I had my appendix out when I was nine years old. I missed seventeen and a half days of school, according to my report card, and I stood third, the first and only time, behind the boy and the girl who usually stood second and third behind me. I received get-well cards and presents, from my parents’ friends and my relatives and school friends and my school class: books and soap and bubble bath , etc., and a box of writing paper. I used all of it writing thank-you letters to the people who had given me gifts. I wrote their names on the envelopes but I didn’t know how to address them and mail them, so the finished letters sat in the writing box.
When I returned to school, so did another little girl who had also been away. The teacher read a letter aloud to the class, a letter from the other little girl thanking them all for their get-well present and card. I died. No letter ever came from me. My letters were still in my writing box, unsent.
That’s why I am an obsessive stickler about thank-you letters. I demand them of myself. I also demand them of other people.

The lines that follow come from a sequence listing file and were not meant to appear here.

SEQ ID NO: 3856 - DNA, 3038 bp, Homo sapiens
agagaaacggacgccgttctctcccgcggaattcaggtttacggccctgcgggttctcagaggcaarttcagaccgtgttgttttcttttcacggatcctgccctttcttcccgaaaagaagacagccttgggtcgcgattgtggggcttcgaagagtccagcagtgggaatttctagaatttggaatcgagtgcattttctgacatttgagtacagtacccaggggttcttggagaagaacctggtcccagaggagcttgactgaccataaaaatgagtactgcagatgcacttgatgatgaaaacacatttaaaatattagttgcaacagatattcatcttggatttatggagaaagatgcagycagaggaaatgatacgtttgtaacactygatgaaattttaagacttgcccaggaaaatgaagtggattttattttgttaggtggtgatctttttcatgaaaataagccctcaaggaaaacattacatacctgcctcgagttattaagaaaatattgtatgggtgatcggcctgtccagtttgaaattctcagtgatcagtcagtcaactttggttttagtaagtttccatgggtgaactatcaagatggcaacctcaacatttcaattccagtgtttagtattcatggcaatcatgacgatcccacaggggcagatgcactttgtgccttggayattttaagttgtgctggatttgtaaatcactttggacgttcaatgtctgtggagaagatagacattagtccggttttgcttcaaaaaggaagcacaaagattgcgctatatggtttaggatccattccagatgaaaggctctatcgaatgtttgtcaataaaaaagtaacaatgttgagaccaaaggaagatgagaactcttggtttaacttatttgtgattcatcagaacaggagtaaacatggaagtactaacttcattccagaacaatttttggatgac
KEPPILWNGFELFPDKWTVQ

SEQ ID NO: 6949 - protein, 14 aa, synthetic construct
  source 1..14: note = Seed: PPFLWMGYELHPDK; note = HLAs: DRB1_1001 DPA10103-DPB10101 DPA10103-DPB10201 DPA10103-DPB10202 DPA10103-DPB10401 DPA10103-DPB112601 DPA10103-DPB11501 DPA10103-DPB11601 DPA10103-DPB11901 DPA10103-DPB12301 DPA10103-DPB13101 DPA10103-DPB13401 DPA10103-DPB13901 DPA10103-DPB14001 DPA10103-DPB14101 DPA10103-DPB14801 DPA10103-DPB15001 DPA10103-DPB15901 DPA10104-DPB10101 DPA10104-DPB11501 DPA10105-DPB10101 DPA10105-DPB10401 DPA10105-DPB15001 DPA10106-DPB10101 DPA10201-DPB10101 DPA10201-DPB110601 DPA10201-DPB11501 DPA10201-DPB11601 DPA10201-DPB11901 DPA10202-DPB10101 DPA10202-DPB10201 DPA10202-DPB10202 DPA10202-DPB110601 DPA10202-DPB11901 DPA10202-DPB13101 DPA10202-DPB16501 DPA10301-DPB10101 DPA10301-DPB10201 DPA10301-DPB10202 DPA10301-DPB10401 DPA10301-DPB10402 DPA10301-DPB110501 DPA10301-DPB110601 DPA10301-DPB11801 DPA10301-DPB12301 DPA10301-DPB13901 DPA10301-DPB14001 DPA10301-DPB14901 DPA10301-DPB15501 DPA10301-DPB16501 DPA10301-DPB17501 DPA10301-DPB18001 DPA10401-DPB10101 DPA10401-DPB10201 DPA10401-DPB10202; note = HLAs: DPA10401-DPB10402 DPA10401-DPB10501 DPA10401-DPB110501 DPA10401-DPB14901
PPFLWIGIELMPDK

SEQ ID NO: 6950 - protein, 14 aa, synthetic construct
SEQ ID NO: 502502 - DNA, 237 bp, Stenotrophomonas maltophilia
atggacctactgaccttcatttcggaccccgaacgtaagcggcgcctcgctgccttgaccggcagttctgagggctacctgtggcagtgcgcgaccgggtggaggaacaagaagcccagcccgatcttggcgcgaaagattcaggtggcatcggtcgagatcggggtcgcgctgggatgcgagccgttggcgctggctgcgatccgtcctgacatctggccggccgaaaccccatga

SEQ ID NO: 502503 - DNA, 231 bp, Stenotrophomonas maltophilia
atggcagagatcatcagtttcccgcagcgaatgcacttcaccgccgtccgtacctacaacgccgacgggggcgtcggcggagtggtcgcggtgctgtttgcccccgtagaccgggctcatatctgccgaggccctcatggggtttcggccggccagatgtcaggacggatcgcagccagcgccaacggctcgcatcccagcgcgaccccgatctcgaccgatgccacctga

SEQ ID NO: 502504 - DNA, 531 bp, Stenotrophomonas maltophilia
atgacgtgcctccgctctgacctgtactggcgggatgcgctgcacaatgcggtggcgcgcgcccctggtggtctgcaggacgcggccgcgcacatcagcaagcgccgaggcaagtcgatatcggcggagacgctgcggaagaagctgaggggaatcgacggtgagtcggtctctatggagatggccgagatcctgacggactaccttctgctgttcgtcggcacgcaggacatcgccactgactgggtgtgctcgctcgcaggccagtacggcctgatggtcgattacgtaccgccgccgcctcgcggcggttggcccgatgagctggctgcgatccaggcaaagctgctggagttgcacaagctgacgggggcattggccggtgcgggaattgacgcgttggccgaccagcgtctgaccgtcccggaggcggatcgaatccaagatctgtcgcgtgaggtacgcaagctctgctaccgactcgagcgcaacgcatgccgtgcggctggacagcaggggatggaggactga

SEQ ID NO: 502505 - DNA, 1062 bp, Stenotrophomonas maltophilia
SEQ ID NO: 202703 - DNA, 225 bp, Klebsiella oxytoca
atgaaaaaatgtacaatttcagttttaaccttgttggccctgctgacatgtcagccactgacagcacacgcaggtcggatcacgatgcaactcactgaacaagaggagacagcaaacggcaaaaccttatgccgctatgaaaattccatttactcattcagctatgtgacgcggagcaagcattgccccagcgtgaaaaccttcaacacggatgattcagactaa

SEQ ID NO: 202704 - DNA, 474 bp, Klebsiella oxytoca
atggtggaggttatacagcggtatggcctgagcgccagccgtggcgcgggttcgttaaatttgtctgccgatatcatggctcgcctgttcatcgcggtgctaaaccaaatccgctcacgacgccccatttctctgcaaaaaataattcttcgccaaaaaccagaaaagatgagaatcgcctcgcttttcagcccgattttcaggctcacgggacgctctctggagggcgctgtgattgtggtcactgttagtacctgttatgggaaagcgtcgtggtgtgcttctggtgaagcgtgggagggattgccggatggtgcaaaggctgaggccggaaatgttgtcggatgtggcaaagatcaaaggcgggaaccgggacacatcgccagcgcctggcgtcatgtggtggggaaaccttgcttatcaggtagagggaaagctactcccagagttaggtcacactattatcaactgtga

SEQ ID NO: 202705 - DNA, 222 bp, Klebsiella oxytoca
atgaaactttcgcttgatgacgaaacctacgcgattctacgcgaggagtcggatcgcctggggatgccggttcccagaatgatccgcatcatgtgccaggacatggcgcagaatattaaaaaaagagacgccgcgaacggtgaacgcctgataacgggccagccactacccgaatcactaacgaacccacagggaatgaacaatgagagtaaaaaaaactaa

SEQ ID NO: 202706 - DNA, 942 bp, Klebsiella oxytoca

These days you can get away with email thanks and some people manage to do that and in casual cases that works, but not, in my brainwashed opinion, for a real gift.
I am not alone in this.
As you probably know by now (all three of you who read me regularly) I clip and save and read and quote articles I read in newspapers and magazines. I have a whole folder of pieces about thank-you letters. Graydon Carter, the editor of Vogue magazine, writes thank-you letters. Mark Zuckerberg, the Facebook millionaire, made a recent new year resolution – forget which year – to write a thank-you letter every day. The equivalents of Miss Manners all over North America, regularly urge people to write their thank-yous. Of course, there are other reasons to say thank you: for an unexpected kindness, a thoughtful deed, a generous gesture, a well-performed task, and less commonly now, thanks to email, a good dinner. I’ll allow that, sometimes.
This has been on my mind recently because I have been under house arrest with my leg injury, unable to get to a mail box or post office, so I have been leaning on email.
It’s not the same.
It’s a matter of class.